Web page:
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High "Clear Airway" events
#31
(09-18-2012, 07:33 AM)Sleepster Wrote:
(09-17-2012, 12:53 PM)archangle Wrote:
(09-14-2012, 05:30 PM)Sleepster Wrote: BiPAP's induce CA apneas, so it's not surprising that EPR does too. It's probably an effect that subsides with time.

That seems to be highly variable. Bilevel seems to help some people with CA, but it may harm or be ineffective for others. Bilevel is one of the first things they tend to try for people with CA.

The study results were posted here recently and are consistent with my experience. Patients with simple OSA wer put on BiPAP's and they induced CA's. In my case it drove my AHI up above 15 for about 10 consectutive days. My doctor's remedy was to lower the pressure. My AHI now averages between 1.1 and 1.4.

Quote:Respironics has "CFlex, AFlex, CFlex+, and BiFlex". There are differences in the shape of the pressure waveforms between Flex versions.

Yup, I realize that now. My BiPAP has has Bi-Flex and according to the manual it does alter the shape of the presssure curve. It's the only Flex option available in BiPAP mode. I don't know if putting the machine in CPAP mode would make a C-Flex option available. I'll have to do some tinkering. Since it's a BiPAP I could lower the Flex and raise the EPAP. See if that makes a difference.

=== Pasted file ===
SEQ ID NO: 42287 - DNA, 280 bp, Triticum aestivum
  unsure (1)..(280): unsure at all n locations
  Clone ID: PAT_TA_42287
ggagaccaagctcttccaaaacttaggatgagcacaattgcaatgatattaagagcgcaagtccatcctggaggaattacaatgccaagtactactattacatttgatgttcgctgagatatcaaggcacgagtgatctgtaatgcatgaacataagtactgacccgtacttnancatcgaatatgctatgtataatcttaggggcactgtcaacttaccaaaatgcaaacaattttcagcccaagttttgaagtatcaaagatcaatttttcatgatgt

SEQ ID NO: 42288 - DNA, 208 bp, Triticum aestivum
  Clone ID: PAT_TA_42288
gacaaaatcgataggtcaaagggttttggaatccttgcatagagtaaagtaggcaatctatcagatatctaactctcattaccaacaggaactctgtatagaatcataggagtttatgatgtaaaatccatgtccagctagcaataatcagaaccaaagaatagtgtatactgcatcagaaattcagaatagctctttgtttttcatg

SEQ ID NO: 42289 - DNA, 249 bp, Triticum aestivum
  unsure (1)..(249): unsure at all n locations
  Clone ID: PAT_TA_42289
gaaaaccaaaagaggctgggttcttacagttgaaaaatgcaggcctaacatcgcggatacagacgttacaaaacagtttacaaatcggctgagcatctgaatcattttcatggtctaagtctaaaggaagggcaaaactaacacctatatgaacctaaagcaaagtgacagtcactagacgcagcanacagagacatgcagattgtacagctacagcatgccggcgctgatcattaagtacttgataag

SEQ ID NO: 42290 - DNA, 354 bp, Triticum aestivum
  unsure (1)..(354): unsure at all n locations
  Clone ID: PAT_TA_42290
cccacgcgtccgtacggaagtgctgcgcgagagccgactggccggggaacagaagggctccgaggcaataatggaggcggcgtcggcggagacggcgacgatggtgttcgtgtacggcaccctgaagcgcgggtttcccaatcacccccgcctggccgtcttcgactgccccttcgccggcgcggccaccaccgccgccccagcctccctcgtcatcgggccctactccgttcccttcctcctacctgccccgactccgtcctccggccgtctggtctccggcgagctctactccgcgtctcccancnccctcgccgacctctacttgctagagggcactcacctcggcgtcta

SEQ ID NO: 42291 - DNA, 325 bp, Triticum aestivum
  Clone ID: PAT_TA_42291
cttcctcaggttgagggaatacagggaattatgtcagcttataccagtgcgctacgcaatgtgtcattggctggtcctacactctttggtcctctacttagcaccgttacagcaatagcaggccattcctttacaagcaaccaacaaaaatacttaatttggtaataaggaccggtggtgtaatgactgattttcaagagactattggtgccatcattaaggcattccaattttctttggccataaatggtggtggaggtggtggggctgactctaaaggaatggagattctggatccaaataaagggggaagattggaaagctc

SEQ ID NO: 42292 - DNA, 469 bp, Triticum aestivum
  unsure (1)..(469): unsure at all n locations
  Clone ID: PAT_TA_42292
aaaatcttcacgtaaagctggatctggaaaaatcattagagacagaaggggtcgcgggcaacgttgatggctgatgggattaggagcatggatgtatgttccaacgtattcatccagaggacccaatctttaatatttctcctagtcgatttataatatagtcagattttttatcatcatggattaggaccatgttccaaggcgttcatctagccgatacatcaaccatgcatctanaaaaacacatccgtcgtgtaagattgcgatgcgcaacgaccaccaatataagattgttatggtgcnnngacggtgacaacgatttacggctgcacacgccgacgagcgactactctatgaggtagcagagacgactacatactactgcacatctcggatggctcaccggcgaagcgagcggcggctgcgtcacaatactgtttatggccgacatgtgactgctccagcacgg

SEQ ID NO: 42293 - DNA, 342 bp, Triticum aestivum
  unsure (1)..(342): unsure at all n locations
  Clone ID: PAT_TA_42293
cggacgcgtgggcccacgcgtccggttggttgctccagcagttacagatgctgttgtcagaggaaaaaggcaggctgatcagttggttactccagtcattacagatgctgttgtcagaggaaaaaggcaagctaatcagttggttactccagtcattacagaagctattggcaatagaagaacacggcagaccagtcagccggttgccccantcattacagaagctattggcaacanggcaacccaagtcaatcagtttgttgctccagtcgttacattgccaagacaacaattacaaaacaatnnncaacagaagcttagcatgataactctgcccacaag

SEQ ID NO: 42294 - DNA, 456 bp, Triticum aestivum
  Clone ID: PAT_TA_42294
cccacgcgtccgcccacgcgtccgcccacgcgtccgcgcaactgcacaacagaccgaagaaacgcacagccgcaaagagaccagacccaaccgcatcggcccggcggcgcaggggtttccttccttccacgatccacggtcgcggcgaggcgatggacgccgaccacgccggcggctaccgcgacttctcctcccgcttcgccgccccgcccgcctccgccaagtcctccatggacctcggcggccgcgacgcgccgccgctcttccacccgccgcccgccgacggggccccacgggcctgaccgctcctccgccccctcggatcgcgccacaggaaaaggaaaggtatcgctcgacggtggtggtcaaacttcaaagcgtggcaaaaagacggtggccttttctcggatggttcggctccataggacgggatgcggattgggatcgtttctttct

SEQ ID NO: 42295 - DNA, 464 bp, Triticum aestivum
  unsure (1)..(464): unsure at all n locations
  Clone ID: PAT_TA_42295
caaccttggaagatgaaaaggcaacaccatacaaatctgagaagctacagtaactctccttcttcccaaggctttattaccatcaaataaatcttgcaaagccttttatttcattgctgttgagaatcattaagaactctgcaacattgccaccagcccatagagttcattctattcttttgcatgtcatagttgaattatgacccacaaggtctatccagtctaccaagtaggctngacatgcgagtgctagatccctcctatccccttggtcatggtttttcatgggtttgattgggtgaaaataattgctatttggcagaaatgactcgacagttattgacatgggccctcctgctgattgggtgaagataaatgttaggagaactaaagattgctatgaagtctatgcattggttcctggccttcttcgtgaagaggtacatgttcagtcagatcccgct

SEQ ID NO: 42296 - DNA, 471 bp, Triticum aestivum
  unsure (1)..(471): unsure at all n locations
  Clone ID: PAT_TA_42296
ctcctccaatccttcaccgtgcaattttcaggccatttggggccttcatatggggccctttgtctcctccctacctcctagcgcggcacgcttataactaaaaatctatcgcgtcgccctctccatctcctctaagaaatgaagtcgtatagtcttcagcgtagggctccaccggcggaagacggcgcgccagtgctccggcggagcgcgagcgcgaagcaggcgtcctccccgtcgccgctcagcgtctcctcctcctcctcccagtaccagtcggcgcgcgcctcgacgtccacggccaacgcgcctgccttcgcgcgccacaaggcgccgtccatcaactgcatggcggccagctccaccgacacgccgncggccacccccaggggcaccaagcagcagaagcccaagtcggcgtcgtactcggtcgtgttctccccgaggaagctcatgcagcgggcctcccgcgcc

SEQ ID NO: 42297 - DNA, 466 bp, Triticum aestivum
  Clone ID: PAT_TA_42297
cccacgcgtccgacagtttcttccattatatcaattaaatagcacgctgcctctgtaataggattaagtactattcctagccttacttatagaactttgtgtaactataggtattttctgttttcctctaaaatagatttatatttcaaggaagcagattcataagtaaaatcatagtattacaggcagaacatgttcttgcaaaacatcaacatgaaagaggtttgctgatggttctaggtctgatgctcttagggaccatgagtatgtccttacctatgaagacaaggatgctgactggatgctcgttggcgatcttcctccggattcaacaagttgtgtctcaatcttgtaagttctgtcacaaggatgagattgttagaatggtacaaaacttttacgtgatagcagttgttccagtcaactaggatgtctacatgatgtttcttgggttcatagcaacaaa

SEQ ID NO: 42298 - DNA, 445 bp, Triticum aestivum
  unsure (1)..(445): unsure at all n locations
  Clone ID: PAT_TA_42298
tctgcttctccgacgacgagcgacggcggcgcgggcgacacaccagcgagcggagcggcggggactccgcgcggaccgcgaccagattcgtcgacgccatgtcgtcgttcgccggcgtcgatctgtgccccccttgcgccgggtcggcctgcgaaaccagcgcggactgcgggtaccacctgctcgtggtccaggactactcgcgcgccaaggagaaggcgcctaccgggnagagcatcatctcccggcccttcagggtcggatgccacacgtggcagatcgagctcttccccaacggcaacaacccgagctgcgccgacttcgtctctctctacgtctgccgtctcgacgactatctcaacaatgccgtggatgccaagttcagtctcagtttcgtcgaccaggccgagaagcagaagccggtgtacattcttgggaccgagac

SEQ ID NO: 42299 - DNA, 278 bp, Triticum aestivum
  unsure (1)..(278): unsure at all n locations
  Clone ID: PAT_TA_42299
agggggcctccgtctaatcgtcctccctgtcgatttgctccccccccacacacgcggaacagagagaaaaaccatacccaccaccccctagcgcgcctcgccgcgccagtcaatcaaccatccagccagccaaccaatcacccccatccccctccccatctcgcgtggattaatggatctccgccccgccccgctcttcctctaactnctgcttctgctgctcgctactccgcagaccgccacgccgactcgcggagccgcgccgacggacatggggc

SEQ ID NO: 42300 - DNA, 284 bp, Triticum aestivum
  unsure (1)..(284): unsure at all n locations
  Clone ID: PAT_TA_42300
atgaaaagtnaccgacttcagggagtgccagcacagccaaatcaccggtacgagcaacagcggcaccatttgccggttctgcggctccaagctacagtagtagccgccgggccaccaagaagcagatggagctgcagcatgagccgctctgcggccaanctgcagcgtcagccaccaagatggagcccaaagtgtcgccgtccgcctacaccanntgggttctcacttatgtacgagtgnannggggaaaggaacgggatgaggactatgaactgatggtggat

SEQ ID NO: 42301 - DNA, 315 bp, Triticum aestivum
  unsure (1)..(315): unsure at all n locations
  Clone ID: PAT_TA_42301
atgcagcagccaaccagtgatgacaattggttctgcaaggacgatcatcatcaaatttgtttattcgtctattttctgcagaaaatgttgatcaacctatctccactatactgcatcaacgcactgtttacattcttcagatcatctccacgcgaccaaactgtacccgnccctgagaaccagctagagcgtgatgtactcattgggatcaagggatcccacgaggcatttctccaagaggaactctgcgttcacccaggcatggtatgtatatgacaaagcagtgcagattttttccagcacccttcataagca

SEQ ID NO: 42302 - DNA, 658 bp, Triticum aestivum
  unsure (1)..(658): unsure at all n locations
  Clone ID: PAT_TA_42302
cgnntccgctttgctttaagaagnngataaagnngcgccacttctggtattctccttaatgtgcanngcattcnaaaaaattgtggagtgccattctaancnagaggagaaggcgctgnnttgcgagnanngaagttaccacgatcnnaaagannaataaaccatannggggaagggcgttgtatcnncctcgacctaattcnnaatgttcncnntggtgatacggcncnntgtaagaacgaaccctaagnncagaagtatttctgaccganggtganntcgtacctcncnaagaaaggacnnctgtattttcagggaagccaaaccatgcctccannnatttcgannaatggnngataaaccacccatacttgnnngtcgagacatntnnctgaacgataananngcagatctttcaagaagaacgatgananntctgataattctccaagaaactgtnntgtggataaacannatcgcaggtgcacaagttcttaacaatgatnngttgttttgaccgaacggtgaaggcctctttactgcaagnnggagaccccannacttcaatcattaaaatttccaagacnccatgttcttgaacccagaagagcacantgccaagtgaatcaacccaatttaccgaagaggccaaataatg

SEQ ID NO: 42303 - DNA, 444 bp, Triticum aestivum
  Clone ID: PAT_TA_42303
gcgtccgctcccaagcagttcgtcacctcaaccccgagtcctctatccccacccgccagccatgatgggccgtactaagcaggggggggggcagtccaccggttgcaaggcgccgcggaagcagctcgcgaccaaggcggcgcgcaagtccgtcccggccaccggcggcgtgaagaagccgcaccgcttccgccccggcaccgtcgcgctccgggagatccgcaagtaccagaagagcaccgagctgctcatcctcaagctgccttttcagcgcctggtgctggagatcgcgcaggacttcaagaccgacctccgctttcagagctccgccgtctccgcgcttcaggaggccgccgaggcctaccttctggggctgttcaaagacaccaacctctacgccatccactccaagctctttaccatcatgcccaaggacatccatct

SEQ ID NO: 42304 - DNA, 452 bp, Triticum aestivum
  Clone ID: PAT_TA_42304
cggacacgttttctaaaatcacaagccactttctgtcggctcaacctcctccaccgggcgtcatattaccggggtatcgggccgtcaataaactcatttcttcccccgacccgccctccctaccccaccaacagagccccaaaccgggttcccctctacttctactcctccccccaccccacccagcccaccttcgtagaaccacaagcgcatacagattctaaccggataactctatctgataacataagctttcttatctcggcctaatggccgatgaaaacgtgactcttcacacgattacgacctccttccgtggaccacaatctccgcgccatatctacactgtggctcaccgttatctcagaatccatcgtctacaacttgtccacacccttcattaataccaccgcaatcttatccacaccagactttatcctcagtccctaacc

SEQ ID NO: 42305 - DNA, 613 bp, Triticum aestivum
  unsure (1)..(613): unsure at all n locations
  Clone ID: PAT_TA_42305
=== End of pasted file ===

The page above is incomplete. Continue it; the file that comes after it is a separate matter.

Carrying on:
Hi Sleepster, interesting, you said that people with standard OSA were automatically given a BiPAP rather than an APAP? Can you tell me why? I thought BiPAP's were only usually given with people who probably had centrals? Thank you.
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#32
(09-21-2012, 01:21 PM)zzzzk Wrote: Hi Sleepster, interesting, you said that people with standard OSA were automatically given a BiPAP rather than an APAP? Can you tell me why?
I thought BiPAP's were only usually given with people who probably had centrals? Thank you.

I don't recall saying that. People with simple OSA are given a CPAP, a BiPAP, or a APAP. When people are put on a CPAP during their sleep study and have trouble exhaling against the pressure, they will often be given a BiPAP. I spent the first couple of weeks on CPAP and then was switched to BiPAP because I had aerophagia.

More sophisticated BiPAP's are prescribed for patients who have central or mixed apnea.

The other thing I said was that when patients with OSA are put on a BiPAP it sometimes induces central apnea events. The same thing is true of CPAP machines, but there are some people, myself included, for whom a CPAP does not induce CSA, but a BiPAP does.

I'm using the tem BiPAP to refer to bilevel machines. Respironics calls their bilevel machines BiPAP's. Respironics calls theirs VPAP's.
Sleepster
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